From Crop Yield Calculations to Ag Soil Testing: A Farmer’s Woulda’, Coulda’, Shoulda’
Apart from the impacts of a devastating Midwest derecho that flattened millions of acres of corn across Iowa and neighboring states, 2020 was not a bad year.
Fears of drought never materialized in a significant way, nor did flood worries. Overall, the year was pretty good, but regional differences, or even differences between neighboring farms still left farmers with radically different yield results.
As you wrap up the 2020 harvest and head into the office to take stock of the year that was and prepare for 2021, we’ve thought about some choices you might have made in 2020 that you might be considering for 2021, and how those decisions might have played out if you’d gone with the alternative.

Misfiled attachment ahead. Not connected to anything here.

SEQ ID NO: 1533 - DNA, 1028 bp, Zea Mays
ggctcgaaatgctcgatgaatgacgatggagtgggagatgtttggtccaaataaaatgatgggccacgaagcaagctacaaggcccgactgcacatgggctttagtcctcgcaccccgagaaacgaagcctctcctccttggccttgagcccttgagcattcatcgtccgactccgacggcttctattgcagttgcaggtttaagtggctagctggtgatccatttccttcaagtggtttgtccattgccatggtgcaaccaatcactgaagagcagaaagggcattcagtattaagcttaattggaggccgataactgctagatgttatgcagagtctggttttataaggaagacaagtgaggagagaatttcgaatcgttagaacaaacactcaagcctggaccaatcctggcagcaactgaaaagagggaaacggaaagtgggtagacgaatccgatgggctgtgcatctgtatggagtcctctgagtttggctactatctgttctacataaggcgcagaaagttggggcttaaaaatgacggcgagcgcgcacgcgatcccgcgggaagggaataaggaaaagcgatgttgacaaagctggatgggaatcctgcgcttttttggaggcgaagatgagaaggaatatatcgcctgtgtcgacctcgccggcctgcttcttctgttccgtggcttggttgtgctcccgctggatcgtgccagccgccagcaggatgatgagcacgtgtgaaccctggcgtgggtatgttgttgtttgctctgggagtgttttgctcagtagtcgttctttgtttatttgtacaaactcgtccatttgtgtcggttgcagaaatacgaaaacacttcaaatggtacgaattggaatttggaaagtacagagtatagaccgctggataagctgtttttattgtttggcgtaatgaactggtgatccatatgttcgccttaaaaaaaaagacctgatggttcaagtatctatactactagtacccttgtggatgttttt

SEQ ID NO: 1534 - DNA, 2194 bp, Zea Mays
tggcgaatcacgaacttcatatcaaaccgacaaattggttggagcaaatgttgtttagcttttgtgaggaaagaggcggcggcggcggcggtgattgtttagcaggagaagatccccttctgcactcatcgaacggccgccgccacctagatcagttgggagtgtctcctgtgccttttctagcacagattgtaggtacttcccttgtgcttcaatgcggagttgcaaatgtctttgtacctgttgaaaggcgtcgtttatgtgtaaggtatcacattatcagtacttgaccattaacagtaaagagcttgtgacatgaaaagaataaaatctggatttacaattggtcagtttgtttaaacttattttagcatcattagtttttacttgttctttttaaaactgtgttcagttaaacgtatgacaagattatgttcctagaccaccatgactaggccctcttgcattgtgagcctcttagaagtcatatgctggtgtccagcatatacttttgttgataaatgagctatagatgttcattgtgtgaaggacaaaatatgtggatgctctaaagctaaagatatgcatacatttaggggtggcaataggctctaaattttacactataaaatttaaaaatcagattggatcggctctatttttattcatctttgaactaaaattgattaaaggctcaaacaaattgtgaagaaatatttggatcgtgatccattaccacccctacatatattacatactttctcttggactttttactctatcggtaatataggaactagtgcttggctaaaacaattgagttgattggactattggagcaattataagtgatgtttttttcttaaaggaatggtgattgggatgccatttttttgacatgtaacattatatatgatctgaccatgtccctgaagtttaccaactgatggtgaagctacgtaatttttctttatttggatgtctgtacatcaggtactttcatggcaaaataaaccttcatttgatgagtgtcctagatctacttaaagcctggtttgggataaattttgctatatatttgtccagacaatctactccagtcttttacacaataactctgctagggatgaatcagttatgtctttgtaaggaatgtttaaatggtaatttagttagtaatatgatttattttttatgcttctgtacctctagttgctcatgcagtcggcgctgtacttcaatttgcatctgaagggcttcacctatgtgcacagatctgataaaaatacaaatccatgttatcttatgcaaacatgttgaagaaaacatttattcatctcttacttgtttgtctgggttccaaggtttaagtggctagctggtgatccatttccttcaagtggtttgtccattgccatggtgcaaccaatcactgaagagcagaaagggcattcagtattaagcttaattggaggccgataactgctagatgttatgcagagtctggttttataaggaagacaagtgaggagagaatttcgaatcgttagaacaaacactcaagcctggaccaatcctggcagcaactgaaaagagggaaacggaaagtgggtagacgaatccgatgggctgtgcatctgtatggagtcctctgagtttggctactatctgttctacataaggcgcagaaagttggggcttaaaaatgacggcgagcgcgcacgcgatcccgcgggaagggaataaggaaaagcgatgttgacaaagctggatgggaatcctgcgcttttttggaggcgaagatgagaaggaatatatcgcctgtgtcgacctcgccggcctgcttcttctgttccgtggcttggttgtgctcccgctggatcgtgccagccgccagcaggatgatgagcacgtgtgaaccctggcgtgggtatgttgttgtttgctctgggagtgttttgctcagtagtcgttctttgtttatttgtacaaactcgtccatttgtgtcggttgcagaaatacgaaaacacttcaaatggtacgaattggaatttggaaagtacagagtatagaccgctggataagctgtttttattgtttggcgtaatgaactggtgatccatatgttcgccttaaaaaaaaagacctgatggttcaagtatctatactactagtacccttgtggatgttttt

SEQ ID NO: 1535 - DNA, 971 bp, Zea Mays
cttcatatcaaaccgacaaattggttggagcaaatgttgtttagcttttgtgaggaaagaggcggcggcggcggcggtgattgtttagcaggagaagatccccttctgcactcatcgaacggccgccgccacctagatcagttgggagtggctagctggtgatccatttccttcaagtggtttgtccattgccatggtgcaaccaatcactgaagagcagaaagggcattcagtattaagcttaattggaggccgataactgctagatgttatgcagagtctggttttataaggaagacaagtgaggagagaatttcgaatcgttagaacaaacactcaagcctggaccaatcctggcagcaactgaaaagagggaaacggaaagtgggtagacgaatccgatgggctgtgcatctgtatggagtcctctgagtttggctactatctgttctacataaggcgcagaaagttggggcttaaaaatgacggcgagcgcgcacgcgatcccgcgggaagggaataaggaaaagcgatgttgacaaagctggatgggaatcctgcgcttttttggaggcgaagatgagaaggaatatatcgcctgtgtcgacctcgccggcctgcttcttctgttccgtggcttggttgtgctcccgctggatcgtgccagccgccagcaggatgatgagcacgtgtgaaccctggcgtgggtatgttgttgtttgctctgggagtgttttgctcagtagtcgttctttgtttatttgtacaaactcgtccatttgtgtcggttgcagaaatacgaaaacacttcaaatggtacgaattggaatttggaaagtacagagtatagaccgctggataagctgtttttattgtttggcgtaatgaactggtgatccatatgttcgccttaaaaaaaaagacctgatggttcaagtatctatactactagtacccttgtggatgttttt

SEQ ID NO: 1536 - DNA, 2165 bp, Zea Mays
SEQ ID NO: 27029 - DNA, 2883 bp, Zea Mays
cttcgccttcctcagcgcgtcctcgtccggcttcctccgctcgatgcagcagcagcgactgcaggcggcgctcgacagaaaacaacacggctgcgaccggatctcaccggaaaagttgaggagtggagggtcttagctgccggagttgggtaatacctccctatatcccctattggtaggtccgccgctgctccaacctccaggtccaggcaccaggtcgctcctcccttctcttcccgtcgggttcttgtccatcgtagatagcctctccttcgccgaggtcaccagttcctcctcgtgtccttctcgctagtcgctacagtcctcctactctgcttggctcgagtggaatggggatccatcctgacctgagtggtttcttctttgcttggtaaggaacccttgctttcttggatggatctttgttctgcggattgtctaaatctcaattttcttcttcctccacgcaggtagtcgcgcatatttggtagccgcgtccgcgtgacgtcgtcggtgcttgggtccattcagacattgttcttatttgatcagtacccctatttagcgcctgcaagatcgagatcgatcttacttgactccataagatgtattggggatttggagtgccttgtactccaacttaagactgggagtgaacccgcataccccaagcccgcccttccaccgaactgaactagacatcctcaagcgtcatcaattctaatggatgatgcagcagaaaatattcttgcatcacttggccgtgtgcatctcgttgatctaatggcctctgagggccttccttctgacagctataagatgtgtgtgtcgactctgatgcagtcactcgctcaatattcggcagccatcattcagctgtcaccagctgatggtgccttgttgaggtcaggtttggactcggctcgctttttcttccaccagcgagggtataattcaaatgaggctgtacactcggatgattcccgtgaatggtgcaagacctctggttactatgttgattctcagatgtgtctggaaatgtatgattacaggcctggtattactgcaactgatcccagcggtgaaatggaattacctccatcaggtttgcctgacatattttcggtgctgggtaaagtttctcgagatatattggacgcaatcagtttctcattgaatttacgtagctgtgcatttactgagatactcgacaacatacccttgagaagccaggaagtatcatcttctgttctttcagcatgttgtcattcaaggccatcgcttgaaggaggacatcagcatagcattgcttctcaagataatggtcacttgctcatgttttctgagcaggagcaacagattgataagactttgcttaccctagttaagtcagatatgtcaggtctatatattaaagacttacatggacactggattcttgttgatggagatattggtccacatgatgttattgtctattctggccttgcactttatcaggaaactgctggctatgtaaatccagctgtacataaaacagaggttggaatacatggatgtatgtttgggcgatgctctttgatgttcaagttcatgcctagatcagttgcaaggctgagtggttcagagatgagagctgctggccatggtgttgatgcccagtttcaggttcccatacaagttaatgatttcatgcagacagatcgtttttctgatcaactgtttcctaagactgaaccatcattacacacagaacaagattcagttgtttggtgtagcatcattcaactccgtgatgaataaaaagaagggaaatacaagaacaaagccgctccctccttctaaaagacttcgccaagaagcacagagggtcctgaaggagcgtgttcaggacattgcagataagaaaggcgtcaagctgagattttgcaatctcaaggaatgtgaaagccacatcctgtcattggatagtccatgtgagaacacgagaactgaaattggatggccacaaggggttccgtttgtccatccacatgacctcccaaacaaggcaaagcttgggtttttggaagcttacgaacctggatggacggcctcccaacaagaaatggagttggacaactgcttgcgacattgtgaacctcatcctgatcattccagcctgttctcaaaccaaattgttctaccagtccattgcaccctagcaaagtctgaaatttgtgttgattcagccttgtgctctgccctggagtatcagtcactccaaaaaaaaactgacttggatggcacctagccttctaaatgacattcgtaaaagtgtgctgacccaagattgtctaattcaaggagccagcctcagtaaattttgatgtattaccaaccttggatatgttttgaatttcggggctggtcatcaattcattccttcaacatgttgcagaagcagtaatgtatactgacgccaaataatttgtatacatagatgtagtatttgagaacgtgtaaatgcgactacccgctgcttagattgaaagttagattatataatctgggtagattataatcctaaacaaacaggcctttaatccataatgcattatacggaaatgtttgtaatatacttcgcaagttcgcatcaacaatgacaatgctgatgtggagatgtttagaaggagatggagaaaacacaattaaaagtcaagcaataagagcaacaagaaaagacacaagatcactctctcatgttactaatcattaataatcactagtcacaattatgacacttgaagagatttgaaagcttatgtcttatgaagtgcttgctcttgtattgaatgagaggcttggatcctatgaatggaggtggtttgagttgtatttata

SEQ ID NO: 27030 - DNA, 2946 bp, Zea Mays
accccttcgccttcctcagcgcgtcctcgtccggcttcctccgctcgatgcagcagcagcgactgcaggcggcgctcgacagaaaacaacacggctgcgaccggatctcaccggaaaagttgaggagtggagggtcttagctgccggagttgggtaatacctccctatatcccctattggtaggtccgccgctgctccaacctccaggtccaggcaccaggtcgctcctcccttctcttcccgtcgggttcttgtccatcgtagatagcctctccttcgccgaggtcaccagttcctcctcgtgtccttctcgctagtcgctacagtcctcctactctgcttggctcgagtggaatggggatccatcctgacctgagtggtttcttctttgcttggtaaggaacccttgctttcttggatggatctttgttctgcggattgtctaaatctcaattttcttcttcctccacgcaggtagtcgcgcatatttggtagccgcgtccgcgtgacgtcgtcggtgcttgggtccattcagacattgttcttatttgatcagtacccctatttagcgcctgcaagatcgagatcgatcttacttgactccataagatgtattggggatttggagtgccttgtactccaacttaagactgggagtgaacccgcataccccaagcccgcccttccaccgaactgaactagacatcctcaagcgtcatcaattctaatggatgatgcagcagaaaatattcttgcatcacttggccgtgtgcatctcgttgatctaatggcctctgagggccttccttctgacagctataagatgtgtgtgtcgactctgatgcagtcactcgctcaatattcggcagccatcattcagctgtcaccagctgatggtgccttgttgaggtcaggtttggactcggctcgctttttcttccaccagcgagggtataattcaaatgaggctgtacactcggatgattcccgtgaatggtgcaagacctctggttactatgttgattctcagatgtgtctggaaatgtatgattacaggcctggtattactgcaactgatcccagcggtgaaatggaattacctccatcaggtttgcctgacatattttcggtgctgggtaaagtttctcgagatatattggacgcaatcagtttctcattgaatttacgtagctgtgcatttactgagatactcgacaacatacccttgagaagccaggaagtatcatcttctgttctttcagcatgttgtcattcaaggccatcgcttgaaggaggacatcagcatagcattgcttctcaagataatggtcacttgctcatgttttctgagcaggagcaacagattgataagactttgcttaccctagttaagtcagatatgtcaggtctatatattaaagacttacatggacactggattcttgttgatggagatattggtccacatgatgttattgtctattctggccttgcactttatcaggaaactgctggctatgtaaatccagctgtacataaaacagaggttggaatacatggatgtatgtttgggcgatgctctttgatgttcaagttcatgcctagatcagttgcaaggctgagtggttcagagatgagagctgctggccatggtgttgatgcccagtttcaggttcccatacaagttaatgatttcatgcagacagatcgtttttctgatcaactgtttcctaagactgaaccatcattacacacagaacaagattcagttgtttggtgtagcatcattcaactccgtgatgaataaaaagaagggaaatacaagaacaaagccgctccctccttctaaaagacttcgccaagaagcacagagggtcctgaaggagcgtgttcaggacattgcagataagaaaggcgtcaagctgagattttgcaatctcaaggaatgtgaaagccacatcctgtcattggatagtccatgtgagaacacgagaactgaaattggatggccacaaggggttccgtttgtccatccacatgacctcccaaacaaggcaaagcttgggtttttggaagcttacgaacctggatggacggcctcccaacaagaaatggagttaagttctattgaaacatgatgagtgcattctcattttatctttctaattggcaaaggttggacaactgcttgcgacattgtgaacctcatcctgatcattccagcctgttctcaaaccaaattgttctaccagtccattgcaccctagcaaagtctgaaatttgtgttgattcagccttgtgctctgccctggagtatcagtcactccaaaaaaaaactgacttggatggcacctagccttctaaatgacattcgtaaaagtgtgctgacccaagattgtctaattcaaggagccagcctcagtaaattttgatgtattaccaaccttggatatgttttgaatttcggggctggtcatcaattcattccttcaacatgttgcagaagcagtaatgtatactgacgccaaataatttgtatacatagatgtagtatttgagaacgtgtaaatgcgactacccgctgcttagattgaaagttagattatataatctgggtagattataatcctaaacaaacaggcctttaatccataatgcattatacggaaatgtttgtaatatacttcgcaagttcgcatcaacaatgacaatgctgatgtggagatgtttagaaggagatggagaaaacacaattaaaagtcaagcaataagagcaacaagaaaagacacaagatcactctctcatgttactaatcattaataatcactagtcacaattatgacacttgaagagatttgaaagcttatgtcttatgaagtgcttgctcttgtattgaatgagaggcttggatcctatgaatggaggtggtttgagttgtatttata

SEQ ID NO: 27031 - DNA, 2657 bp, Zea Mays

Coulda’: Jim Uses Fungicide for the Win
In ‘18 and ‘19, Jim Grower had watched as late-season diseases swooped in the summer and fall and knocked down his corn yield.
In 2020, he decided to experiment with adding more fungicide applications throughout the season on his corn. He started by adding applications at V6, R1, and R3 growth stages, at a steep investment of nearly $60/acre in fungicides and application costs.
He spent most of the season worrying he’d gone overboard, but by harvest, his corn still had a tinge of green in the leaves. The late season health, assisted by Aproach® fungicide, allowed the plants to capture sunlight right up until the end, packing more nutrients into each kernel. Jim left a test strip in his field where no fungicide was applied, and at harvest, he found a 20-30 bu/acre yield increase with the multiple fungicide treatments.